• Print journal ads
  • Promotional speaker programs
  • Congresses, symposia and conference promotions
  • Digital marketing
  • Physician support programs

Patient- and consumer-targeted advertising and promotion investment across the 3 time periods:

  • Patient communication and education
  • DTC for specific brands, where appropriate

Shift Spending Focus as Products Progress Toward Launch

The following excerpt is a key finding from the full report's executive summary:

Though no two brands’ commercialization strategies are the same, the majority of companies follow similar patterns when launching pharmaceutical products. As brands move from development toward launch they shift from market prep activities to advertising and promotion expenditures. Figures E.2, E.3 and E.4 [included in the full report] highlight this trend among the US brands covered in this report across five high-level categories.

As shown in the data, resources tend to shift away from decision-support activities and flow into advertising and promotion efforts as clinical trials end and products launch into the marketplace. This trend makes sense as market preparation shifts to actual market activities. With the market entry strategies ready, companies can concentrate on implementing these strategies in the real world.

During launch year, over 50% of all spending is earmarked for advertising and promotion activities (not including DTC — which, when used, drives these percentages significantly higher). While medical affairs expenses still consume 28.6% of total spending, advertising and promotion increases leave decision support and market access with only a combined 18.1% of all launch spending.

Ideally, all prerequisite spending is accomplished prior to launch with only minimal amounts necessary for continued coverage of market access and decision support needs. This leaves the majority of funding available for providing the brand the best marketing support to garner the greatest share of the market within its first six months on market.

At the same time, medical affairs activities remain somewhat constant throughout the launch window. However, resources may shift between the subcategories slightly as products move closer to launch. Market access spending increases as a percentage of the commercialization spending mix right before launch as companies make a final push for formulary access and pricing points. Overall, however, spending for market access activities does not increase on average immediately before launch. Instead, actual dollars spent remains somewhat constant from the previous time frame.

Key Finding from Brand Launch Research

 

The following excerpt is a key finding from the full report's executive summary:

Shift Spending Focus as Products Progress Toward Launch

Though no two brands’ commercialization strategies are the same, the majority of companies follow similar patterns when launching pharmaceutical products.  As brands move from development toward launch they shift from market prep activities to advertising and promotion expenditures.  Figures E.2, E.3 and E.4 [included in the full report] highlight this trend among the US brands covered in this report across five high-level categories.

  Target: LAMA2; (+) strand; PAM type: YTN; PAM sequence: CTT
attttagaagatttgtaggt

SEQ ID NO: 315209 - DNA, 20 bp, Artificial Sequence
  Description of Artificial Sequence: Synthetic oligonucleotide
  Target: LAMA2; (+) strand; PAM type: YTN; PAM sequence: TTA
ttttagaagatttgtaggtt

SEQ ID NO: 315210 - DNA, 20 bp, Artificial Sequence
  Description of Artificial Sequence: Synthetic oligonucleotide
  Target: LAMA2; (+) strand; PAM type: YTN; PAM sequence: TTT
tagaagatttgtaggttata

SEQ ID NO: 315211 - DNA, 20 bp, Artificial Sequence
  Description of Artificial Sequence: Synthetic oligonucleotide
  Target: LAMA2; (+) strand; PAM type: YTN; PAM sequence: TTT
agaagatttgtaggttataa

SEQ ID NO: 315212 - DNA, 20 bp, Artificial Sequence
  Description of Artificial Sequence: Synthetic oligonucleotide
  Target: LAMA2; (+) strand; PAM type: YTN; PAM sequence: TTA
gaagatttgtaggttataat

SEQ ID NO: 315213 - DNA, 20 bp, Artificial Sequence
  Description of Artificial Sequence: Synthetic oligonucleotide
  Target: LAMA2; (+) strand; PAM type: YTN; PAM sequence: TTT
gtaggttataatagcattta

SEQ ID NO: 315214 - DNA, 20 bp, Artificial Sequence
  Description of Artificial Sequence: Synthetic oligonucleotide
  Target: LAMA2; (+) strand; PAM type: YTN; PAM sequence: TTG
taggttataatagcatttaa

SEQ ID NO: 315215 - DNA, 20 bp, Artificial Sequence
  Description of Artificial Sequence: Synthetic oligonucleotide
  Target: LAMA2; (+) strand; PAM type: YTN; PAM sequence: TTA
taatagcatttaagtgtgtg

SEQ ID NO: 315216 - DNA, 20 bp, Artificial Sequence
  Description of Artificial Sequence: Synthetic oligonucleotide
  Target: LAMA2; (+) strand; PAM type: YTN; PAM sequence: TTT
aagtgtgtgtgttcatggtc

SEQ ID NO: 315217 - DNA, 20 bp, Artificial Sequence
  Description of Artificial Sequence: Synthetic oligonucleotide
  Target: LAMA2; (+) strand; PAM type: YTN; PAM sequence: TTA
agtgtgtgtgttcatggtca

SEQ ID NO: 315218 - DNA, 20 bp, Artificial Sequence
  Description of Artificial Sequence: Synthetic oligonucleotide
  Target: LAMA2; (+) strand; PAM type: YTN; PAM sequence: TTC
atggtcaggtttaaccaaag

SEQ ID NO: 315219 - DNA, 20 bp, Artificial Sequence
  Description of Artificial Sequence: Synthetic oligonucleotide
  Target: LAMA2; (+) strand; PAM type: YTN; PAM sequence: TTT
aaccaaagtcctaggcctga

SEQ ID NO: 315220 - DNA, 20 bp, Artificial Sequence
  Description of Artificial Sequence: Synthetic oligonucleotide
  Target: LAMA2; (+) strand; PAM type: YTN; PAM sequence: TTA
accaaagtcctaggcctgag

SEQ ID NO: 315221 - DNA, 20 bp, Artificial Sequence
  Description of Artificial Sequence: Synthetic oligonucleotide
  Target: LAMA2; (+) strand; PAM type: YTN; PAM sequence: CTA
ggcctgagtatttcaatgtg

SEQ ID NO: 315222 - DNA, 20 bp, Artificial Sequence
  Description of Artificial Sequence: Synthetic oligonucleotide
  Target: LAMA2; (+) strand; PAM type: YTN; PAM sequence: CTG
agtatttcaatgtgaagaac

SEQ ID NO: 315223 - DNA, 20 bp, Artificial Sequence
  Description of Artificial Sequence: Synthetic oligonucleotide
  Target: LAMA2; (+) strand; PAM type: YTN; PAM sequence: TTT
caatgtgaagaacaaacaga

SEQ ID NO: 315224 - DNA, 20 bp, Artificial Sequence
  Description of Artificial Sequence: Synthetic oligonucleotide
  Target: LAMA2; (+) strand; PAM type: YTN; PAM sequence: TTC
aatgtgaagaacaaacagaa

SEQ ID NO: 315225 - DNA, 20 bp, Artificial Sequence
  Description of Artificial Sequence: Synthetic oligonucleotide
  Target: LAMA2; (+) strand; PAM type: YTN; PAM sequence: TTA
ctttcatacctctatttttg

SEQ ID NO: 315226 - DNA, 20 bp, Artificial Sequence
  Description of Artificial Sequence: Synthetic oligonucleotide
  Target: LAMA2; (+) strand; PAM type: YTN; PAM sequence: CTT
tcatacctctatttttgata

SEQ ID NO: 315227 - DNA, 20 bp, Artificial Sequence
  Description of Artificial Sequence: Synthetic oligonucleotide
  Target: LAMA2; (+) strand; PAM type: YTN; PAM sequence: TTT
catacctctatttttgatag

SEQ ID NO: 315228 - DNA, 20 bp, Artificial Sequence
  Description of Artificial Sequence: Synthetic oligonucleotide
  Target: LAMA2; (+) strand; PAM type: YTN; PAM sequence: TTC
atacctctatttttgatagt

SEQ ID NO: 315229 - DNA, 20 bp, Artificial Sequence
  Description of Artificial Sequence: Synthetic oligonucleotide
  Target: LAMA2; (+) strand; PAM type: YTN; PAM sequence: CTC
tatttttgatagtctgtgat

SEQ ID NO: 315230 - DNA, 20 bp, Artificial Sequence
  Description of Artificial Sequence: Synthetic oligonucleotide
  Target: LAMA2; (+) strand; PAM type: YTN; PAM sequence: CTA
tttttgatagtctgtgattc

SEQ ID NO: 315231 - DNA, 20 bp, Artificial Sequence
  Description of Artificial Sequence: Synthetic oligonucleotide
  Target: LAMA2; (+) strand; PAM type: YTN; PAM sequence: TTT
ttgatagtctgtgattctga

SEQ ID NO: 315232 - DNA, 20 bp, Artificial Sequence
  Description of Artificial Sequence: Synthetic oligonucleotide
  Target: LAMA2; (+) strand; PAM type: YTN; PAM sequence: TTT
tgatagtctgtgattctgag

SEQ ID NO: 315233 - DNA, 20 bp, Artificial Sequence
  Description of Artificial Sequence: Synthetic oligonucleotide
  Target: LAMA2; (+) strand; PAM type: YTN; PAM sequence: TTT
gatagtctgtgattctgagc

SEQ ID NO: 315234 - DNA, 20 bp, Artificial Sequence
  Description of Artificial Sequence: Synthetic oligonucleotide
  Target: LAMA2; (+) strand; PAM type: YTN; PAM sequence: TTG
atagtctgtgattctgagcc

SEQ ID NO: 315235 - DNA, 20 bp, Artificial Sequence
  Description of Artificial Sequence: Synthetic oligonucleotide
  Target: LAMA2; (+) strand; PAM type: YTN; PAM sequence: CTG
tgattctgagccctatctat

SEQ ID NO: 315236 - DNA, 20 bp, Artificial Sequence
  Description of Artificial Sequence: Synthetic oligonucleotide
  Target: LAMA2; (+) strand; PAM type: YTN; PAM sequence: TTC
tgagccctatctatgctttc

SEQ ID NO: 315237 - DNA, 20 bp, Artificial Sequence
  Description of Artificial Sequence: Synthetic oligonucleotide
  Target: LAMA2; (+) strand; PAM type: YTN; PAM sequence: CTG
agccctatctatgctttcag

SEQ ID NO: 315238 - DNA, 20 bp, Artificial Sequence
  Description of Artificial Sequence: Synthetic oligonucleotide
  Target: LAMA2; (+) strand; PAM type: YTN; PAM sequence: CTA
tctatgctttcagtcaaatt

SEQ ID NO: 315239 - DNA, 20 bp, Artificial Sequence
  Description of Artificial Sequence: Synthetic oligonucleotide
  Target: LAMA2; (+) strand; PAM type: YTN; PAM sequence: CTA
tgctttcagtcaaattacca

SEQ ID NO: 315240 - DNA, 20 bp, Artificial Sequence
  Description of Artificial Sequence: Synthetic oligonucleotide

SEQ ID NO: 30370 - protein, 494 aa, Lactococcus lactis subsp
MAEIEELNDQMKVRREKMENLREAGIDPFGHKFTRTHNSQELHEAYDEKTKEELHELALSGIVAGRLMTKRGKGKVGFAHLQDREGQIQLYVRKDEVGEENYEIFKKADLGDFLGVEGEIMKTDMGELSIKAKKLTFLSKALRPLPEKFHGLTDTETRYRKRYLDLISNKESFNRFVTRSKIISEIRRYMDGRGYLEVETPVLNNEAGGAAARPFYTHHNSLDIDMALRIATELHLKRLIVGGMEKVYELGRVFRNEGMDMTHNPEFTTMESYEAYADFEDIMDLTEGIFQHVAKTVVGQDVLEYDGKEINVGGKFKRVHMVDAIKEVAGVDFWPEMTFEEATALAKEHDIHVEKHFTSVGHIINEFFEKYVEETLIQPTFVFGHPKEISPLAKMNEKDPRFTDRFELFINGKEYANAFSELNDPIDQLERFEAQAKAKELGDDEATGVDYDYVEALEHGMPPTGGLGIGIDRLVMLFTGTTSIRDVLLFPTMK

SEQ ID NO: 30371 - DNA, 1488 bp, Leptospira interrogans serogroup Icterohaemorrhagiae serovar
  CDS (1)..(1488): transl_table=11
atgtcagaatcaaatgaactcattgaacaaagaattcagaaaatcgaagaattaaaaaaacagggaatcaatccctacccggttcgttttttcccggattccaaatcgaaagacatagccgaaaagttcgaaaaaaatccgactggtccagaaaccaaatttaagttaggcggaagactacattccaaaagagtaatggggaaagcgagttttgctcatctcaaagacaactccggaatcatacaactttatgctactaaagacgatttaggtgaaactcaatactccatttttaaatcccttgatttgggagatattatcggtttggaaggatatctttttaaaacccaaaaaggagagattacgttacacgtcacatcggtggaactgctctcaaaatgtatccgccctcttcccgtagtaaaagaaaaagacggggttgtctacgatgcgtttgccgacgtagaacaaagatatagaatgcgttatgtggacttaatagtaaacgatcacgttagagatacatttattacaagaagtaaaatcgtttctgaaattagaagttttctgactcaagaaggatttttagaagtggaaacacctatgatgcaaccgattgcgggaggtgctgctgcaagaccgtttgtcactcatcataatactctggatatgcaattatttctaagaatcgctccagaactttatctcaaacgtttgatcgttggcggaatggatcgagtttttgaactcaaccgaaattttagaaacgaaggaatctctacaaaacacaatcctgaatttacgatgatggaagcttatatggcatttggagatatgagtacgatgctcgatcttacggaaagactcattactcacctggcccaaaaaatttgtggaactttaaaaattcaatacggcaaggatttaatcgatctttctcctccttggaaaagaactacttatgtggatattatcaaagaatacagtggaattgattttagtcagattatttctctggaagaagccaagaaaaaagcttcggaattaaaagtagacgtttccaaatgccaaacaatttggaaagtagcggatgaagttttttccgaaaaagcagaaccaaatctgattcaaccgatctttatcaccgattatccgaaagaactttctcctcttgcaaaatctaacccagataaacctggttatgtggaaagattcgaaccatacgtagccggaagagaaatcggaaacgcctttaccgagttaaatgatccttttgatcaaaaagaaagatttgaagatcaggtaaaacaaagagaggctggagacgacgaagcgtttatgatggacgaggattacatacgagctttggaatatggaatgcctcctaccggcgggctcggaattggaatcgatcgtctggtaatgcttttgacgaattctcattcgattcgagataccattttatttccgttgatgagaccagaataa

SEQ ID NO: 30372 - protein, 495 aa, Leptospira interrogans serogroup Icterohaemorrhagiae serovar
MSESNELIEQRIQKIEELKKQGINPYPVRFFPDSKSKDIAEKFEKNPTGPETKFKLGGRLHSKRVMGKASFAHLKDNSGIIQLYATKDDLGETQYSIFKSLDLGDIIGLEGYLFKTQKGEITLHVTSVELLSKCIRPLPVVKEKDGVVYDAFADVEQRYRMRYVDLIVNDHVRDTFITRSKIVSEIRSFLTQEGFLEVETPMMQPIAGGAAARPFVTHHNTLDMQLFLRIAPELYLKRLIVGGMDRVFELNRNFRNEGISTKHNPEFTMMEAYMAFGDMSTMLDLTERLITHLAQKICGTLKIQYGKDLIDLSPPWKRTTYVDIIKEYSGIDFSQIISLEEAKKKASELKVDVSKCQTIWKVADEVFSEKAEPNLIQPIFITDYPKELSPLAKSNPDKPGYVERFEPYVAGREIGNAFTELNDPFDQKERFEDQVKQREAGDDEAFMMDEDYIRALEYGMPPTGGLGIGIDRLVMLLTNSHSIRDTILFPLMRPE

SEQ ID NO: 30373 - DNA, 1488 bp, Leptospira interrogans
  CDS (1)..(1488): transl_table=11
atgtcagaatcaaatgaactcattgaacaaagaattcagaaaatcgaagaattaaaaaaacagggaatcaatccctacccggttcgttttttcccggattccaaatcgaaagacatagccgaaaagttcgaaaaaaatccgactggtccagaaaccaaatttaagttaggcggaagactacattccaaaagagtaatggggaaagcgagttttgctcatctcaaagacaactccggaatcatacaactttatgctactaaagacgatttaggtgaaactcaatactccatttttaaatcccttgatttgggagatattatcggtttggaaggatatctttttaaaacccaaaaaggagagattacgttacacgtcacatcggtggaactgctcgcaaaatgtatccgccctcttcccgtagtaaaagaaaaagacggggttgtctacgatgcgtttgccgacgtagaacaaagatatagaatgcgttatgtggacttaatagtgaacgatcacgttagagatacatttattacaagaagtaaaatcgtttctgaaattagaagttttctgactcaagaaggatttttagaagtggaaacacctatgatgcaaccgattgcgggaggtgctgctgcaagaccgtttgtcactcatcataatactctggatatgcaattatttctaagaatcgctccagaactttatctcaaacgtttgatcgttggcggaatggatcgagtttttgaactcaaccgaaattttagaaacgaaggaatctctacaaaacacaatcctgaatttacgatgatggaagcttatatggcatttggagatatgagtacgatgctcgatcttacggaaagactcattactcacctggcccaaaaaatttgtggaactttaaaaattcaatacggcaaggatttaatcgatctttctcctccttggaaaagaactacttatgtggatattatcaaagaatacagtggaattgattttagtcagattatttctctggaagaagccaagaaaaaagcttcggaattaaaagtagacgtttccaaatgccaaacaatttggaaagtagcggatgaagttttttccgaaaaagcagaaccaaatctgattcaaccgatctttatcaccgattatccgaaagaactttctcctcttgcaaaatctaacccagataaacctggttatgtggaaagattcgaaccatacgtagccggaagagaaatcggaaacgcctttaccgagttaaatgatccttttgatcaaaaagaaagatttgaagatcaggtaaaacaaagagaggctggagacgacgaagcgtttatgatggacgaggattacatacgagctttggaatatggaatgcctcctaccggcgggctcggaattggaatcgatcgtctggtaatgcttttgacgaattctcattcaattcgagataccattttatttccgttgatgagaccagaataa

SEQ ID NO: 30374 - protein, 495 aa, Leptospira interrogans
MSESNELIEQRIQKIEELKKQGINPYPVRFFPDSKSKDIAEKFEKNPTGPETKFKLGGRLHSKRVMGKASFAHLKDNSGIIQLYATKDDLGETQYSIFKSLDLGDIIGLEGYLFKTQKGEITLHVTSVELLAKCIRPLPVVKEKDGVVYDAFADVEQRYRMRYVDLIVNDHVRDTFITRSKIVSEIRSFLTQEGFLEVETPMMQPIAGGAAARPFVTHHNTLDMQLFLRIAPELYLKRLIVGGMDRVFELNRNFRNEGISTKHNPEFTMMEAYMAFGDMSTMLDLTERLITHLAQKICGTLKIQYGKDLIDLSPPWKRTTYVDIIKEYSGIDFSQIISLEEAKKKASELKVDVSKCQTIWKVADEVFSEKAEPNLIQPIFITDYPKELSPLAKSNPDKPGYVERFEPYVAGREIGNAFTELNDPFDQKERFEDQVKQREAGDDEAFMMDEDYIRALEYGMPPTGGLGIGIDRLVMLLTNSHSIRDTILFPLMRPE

As shown in the data, resources tend to shift away from decision-support activities and flow into advertising and promotion efforts as clinical trials end and products launch into the marketplace.  This trend makes sense as market preparation shifts to actual market activities.  With the market entry strategies ready, companies can concentrate on implementing these strategies in the real world.

During launch year, over 50% of all spending is earmarked for advertising and promotion activities (not including DTC — which, when used, drives these percentages significantly higher).  While medical affairs expenses still consume 28.6% of total spending, advertising and promotion increases leave decision support and market access with only a combined 18.1% of all launch spending.

Ideally, all prerequisite spending is accomplished prior to launch with only minimal amounts necessary for continued coverage of market access and decision support needs.  This leaves the majority of funding available for providing the brand the best marketing support to garner the greatest share of the market within its first six months on market.

At the same time, medical affairs activities remain somewhat constant throughout the launch window. However, resources may shift between the subcategories slightly as products move closer to launch.  Market access spending increases as a percentage of the commercialization spending mix right before launch as companies make a final push for formulary access and pricing points.  Overall, however, spending for market access activities does not increase on average immediately before launch.  Instead, actual dollars spent remains somewhat constant from the previous time frame.